Primer 01: Code

This page will provide a quick rundown of the basics of how kernels (think GPU programs) run. If you are already familiar with CUDA or OpenCL programs you can probably skip this.

To steal a quote from a very good talk that you should probably watch.

You cannot program the GPU like its a CPU You must pay attention to 3 things

  1. Memory Access

  2. Data Locality

  3. Threading

A GPU is not a CPU

If you will allow a little bit of massive oversimplification, this is pretty easy to understand.

How does a CPU work?

A traditional processor has a very simple cycle: fetch, decode, execute.

It grabs an instruction from memory (the fetch), figures out how to perform said instruction (the decode), and does the instruction (the execute). This cycle then repeats for all the instructions in your algorithm. Executing this linear stream of instructions is fine for most programs because CPUs are super fast, and most algorithms are serial.

What happens when you have an algorithm that can be processed in parallel? A CPU has multiple cores, each doing its own fetch, decode, execute. You can spread the algorithm across all the cores on the CPU, but in the end each core will still be running a stream of instructions, likely the same stream of instructions, but with different data.

GPUs and CPUs both try to exploit this fact, but use two very different methods.

CPU | SIMD: Single Instruction Multiple Data.

CPUs have a trick for parallel programs called SIMD. These are a set of instructions that allow you to have one instuction do operations on multiple pieces of data at once.

Lets say a CPU has an add instruction:


Which would perform

RegA = RegB + RegA

The SIMD version would be:


Which would perform

RegA = RegE + RegA

RegB = RegF + RegB

RegC = RegG + RegC

RegD = RegH + RegD

All at once.

A clever programmer can take these instructions and get a 3x-8x performance improvement in very math heavy scenarios.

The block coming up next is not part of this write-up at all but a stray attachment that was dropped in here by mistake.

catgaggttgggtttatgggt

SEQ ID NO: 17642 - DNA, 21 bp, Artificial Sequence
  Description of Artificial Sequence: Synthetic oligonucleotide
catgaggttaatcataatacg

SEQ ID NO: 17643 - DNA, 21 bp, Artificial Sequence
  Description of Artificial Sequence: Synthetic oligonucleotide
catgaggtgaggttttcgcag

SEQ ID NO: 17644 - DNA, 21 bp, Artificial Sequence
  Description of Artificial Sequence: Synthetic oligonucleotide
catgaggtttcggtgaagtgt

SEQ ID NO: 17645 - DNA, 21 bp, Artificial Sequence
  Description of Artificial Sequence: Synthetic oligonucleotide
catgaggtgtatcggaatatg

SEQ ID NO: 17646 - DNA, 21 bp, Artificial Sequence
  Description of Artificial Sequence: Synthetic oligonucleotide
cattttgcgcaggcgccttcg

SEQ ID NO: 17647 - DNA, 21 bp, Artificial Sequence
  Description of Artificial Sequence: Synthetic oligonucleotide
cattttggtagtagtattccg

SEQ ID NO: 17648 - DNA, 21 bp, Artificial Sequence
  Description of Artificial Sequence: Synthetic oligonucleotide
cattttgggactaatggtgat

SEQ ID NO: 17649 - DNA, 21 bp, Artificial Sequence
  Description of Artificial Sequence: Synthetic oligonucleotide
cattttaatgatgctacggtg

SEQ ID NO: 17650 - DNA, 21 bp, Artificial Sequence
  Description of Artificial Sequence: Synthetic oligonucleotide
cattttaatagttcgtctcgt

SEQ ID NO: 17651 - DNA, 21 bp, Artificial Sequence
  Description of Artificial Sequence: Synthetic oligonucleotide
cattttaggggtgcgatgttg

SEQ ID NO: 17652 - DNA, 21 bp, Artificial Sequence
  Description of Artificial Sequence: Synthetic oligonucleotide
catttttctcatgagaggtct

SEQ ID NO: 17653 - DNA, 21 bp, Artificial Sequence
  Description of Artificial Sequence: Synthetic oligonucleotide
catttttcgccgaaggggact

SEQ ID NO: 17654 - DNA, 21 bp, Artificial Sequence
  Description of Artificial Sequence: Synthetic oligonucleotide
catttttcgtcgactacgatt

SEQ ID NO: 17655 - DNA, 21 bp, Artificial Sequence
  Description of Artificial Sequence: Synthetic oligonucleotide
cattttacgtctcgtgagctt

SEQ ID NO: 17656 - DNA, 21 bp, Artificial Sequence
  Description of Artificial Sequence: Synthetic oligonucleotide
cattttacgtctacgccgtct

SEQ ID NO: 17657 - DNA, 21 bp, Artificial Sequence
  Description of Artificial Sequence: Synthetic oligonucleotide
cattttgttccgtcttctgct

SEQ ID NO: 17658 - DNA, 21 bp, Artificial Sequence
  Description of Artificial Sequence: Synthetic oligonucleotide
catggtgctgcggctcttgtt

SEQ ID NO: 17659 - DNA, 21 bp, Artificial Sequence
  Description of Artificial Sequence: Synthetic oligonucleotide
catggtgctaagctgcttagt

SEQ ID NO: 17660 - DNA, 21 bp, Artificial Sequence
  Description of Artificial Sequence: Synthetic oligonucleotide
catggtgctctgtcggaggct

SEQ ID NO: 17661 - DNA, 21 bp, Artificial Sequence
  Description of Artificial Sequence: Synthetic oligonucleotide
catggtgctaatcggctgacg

GPU | SIMT: Single Instruction Multiple Threads.

GPUs have SIMT. SIMT is the same idea as SIMD but instead of just doing the math instructions in parallel why not do all the instructions in parallel.

The GPU assumes all the instructions you are going to fetch and decode for 32 threads are the same, it does 1 fetch and decode to setup 32 execute steps, then it does all 32 execute steps at once. This allows you to get 32 way multithreading per single core, if and only if all 32 threads want to do the same instruction.


With this knowledge we can now talk about kernels. Kernels are just GPU programs, but because a GPU program is not a single thread, but many, it works a little different.

When I was first learning about kernels I had an observation that made kernels kinda click in my head.

Kernels and Parallel.For have the same usage pattern.

If you don’t know about Parallel.For it is a function that provides a really easy way to run code on every core of the CPU. All you do is pass in the start index, an end index, and a function that takes an index. Then the function is called from some thread with an index. There are no guarantees about what core an index is run on, or what order the threads are run, but you get a very simple interface for running parallel functions.

using System;
using System.Threading.Tasks;

public static class Program
    static void Main(string[] args)
        //Load the data
        int[] data = { 0, 1, 2, 3, 4, 5, 6, 7, 8, 9 };
        int[] output = new int[10_000];
        //Load the action and execute
        Parallel.For(0, output.Length, 
        (int i) =>
            output[i] = data[i % data.Length];

Running the same program as a kernel is very similar:

using ILGPU;
using ILGPU.Runtime;
using ILGPU.Runtime.CPU;

public static class Program
    static void Main()
        // Initialize ILGPU.
        Context context = Context.CreateDefault();
        Accelerator accelerator = context.CreateCPUAccelerator(0);

        // Load the data.
        var deviceData = accelerator.Allocate1D(new int[] { 0, 1, 2, 3, 4, 5, 6, 7, 8, 9 });
        var deviceOutput = accelerator.Allocate1D<int>(10_000);

        // load / compile the kernel
        var loadedKernel = accelerator.LoadAutoGroupedStreamKernel(
        (Index1D i, ArrayView<int> data, ArrayView<int> output) =>
            output[i] = data[i % data.Length];

        // tell the accelerator to start computing the kernel
        loadedKernel((int)deviceOutput.Length, deviceData.View, deviceOutput.View);

        // wait for the accelerator to be finished with whatever it's doing
        // in this case it just waits for the kernel to finish.


You do not need to understand what is going on in the kernel example to see that the Parallel.For code uses the same API. The major differences are due to how memory is handled.

Parallel.For and Kernels both have the same potential for race conditions, and for each you must take care to prevent them.

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